As part of the application process, the lender will request supporting documentation, such as:

  • Government-issued ID
  • Proof of address, such as a utility bill
  • Proof of income, such as a bank statement or tax forms

You may also need to show what other debts you’re currently paying off. Depending on your personal circumstances you may be asked for other documentation such as a letter from your employer.

Wait for loan approval

Depending on your lender and your credit profile, you may be approved for a loan as quickly as the same day. Funds are typically deposited electronically directly into your bank account within a few business days, depending on the lender.

What to do if you’re denied for a loan

If you’re rejected for a personal loan, you can reach out to the lender to find out why. The reasons could be related to a low credit score, low income, unstable employment history or having too much debt.

Knowing why you were rejected can help you decide on your next steps, whether you’ll take time to improve your credit or seek out lenders with more relaxed credit requirements, such as personal loans for borrowers with bad credit.

To improve your overall creditworthiness, consider following these basic steps:

  • Review your credit reports regularly for any errors that could be lowering your credit score and file a dispute, if needed.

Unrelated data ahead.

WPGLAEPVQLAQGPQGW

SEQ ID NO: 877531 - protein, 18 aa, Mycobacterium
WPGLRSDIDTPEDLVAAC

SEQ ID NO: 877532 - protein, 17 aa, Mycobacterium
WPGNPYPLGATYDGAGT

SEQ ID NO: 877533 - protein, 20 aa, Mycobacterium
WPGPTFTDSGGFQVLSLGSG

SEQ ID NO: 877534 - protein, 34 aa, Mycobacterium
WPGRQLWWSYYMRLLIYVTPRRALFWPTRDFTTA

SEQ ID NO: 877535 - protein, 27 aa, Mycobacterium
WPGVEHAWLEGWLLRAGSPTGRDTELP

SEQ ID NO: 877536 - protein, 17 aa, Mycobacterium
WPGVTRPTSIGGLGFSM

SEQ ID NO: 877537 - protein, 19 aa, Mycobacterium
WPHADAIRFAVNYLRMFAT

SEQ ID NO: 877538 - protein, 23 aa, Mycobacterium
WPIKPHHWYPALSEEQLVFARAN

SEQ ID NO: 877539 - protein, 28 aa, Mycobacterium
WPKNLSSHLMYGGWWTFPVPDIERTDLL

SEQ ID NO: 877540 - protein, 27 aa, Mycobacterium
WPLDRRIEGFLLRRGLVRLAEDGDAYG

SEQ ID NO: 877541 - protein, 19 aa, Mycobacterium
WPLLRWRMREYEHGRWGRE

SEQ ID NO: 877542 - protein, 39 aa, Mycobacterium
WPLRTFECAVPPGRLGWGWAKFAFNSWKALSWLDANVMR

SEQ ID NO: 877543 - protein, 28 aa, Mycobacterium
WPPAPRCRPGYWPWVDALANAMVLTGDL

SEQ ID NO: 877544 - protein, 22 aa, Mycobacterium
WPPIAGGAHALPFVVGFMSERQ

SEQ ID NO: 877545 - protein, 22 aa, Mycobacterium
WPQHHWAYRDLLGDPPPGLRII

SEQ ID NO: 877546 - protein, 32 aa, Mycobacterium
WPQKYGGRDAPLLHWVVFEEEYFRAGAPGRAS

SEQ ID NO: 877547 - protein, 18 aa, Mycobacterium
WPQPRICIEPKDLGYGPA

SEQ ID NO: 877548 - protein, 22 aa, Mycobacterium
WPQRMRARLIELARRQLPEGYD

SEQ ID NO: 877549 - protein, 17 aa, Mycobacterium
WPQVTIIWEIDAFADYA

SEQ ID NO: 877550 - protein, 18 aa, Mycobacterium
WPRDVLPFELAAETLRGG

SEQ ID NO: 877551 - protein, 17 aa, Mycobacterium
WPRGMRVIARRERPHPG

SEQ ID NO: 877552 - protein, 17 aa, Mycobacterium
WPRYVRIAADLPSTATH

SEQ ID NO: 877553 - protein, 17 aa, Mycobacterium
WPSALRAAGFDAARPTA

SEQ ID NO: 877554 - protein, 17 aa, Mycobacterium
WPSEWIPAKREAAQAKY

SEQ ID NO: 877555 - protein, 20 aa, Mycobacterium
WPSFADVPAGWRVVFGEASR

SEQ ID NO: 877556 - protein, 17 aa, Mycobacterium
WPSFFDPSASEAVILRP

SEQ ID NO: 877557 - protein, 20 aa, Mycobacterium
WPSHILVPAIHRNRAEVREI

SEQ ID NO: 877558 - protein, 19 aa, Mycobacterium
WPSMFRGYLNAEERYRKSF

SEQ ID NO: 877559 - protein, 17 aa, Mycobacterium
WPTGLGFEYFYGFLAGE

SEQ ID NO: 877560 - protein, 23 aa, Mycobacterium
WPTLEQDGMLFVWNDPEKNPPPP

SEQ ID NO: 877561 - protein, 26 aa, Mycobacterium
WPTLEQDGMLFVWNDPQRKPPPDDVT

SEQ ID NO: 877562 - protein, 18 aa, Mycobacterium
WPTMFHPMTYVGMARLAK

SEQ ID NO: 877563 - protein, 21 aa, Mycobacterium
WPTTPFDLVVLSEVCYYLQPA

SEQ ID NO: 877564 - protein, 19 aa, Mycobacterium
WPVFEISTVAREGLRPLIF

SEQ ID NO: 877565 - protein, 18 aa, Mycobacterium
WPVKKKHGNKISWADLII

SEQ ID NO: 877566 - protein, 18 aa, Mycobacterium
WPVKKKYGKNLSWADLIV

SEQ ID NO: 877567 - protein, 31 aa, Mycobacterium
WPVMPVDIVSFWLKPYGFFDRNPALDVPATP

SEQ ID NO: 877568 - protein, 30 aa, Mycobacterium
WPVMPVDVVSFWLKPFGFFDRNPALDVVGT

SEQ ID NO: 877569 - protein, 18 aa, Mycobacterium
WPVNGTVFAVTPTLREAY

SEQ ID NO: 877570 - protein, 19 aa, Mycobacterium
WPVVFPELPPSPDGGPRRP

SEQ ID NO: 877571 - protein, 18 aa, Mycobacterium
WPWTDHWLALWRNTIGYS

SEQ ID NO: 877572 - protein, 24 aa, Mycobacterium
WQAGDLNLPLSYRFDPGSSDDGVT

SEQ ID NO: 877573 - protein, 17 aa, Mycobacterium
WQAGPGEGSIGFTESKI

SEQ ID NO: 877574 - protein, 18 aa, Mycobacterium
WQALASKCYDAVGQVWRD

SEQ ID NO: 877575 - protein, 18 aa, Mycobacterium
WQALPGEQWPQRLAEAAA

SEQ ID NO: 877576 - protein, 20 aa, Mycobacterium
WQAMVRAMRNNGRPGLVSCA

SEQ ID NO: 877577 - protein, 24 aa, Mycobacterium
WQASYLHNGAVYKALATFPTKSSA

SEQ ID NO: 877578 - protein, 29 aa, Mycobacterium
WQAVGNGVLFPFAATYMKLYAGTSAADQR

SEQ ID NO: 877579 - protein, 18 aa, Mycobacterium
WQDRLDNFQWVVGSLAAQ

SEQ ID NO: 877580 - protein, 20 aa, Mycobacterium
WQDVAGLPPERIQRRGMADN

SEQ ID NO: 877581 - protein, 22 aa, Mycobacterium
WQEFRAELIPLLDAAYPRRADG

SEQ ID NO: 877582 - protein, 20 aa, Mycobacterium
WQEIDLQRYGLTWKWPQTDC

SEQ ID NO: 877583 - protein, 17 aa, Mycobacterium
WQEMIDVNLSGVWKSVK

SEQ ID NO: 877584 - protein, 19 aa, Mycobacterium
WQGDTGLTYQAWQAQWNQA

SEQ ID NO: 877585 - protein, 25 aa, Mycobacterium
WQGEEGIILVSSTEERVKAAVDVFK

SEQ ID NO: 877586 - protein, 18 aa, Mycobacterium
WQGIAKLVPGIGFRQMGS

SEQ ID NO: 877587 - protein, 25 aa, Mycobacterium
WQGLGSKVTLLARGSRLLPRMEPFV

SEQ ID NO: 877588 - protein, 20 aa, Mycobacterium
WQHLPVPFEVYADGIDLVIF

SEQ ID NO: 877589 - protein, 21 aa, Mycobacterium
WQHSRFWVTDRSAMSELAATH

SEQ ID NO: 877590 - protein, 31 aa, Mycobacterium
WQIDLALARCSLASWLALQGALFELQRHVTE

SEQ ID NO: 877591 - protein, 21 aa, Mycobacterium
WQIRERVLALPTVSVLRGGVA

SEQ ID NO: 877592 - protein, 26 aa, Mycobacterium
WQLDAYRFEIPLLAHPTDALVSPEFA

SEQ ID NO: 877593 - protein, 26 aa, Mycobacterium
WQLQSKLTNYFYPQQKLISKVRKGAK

• Pay your bills on time and in full every month.
  • Diversify your credit mix between mortgage, credit cards, student loans and other types of credit.
  • Pay off as much of your balances as you can to lower your overall credit utilization score.
  • Increase your cash flow, such as by increasing your income or by passing off debt.
  • Get a cosigner or coborrower with a high credit score.

Take caution with personal loans with easy approval

Because traditional personal loans rely heavily on your credit health, can come with high interest rates to offset your risk of defaulting on it. Be aware of predatory lenders with exorbitant rates and make sure to read the fine print before you sign anything.

A secured personal loan may be a viable alternative

Unsecured personal loans can be a better option for borrowers with high credit scores who are perceived to be at low risk of defaulting. A viable alternative may be getting a secured personal loan through a lender such as OneMain Financial. Since these loans are backed by a tangible asset such as a car or a home, they can be easier to qualify for as well as offer lower interest rates.

Beware payday loans

If you have bad credit, you may be tempted to take out a payday loan. These short-term loans come with high triple-digit APRs. Though some personal loans can come with over 100% APR for borrowers with bad credit, some lenders will offer much lower caps.

When shopping for lenders, be sure to review lender terms and fee structures. If this information isn’t readily available on the lender’s website, get in touch with their customer support team. They should be willing to help you so you can make an informed borrowing decision.

If a personal loan isn’t a viable option for you but you need to borrow funds, consider alternative options. You might charge the cost to a credit card, ask your workplace for a paycheck advance or borrow money from friends and family, for example.